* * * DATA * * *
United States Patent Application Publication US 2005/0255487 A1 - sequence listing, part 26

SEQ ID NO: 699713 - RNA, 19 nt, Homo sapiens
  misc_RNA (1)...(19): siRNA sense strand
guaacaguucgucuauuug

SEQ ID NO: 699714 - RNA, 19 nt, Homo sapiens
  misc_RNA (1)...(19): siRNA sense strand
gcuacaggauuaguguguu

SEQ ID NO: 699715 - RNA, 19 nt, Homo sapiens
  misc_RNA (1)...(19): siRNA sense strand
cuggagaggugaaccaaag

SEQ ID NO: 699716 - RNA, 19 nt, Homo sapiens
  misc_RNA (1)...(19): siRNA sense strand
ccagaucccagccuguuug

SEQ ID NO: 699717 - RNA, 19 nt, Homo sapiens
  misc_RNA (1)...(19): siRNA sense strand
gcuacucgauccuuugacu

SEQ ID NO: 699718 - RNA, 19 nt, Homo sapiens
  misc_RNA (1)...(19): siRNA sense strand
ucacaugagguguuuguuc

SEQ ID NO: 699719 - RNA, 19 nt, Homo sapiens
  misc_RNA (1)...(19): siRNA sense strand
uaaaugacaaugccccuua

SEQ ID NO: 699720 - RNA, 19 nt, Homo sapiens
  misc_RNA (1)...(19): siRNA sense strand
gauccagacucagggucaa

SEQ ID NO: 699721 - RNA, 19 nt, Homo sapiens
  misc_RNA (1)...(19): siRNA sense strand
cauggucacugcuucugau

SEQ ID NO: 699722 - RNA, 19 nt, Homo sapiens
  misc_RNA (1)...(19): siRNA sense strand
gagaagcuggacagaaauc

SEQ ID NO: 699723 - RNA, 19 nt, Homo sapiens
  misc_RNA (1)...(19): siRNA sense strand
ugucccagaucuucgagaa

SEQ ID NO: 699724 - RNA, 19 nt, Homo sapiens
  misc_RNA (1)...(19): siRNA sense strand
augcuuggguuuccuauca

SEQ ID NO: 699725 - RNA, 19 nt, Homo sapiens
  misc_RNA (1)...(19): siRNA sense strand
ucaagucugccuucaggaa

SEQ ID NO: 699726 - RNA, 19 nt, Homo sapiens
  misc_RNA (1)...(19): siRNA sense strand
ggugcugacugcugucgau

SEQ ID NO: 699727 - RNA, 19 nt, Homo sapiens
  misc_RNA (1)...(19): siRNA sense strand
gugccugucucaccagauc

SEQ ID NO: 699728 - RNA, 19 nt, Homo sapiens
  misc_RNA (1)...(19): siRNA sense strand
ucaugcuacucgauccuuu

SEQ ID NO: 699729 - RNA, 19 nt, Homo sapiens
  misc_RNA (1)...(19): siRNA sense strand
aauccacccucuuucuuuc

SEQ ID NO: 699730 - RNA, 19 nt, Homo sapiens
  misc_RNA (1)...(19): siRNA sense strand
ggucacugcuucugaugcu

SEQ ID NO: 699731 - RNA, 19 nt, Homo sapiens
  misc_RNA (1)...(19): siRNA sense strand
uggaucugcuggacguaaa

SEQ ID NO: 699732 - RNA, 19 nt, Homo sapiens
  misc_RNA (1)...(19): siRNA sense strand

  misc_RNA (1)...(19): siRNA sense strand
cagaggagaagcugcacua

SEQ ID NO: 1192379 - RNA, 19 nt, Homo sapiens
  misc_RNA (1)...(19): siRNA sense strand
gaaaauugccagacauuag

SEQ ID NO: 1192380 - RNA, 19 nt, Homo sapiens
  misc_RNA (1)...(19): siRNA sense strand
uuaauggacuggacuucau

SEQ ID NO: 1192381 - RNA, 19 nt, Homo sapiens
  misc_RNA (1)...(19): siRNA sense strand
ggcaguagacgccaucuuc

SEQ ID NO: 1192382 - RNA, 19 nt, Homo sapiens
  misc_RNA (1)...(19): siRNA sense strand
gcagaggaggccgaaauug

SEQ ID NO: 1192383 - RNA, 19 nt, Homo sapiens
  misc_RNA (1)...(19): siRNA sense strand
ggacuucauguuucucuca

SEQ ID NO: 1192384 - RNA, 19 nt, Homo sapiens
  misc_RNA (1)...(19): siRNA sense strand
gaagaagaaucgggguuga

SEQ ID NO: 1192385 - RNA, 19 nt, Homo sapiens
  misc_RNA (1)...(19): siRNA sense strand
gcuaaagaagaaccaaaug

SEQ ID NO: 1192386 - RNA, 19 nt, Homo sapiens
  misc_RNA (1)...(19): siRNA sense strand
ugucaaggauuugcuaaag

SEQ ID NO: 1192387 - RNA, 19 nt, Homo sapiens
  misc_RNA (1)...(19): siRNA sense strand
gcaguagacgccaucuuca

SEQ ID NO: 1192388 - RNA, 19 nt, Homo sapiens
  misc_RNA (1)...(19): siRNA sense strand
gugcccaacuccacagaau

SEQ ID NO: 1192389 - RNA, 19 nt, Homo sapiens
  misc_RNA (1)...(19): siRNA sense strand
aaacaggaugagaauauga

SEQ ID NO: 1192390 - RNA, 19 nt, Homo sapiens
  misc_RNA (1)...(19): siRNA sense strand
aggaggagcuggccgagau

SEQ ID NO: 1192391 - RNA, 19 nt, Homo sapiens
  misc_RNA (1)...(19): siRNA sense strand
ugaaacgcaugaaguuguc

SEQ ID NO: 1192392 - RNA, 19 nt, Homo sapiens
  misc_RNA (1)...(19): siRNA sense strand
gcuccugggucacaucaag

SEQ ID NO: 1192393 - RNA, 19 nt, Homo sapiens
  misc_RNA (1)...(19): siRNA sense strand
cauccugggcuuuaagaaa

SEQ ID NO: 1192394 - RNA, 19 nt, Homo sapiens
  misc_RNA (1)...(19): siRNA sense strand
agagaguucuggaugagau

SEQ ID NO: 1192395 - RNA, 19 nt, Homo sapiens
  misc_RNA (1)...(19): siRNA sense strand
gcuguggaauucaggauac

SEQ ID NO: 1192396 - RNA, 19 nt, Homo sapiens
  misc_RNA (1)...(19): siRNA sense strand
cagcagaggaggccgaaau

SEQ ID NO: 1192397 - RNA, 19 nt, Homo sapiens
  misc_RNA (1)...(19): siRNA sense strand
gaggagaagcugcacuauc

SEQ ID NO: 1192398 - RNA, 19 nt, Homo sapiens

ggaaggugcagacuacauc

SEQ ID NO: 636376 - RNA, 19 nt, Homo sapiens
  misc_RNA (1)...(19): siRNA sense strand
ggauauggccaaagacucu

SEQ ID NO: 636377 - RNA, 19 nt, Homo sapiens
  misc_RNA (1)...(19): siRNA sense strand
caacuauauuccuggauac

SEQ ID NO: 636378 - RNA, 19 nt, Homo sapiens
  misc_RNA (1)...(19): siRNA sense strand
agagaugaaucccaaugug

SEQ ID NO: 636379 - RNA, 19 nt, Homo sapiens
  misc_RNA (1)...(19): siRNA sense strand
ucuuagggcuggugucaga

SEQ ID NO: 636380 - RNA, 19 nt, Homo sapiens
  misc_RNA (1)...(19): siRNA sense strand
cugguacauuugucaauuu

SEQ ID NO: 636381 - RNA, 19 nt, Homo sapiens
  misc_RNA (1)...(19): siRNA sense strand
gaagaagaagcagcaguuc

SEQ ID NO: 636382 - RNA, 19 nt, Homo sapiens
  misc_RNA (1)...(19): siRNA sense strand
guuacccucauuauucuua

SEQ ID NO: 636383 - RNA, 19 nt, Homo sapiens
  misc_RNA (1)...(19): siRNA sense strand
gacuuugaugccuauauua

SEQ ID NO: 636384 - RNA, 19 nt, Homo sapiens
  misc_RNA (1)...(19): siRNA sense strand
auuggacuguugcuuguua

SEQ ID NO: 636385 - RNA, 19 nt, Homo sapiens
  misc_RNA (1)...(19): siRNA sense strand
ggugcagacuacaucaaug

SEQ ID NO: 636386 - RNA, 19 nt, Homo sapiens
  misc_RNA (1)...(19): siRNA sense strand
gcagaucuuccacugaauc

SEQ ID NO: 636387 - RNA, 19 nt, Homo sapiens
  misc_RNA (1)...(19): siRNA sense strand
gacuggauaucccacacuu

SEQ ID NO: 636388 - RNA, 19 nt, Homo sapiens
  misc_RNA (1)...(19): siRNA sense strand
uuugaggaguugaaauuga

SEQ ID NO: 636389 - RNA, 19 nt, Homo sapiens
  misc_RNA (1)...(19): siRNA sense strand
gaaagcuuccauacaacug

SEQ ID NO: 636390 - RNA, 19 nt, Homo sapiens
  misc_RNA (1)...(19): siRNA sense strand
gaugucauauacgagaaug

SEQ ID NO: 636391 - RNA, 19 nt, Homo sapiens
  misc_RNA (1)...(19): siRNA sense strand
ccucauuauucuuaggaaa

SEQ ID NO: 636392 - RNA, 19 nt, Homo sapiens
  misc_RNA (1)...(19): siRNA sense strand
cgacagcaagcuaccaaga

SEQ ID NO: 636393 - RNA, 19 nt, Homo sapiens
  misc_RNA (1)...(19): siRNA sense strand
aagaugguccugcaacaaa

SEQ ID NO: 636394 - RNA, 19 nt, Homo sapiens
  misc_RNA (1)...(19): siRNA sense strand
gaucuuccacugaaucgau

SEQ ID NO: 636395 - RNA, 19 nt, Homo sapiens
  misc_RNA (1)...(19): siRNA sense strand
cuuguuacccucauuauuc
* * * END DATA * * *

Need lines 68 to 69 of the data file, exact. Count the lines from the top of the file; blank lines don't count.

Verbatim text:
uuaauggacuggacuucau

SEQ ID NO: 1192381 - RNA, 19 nt, Homo sapiens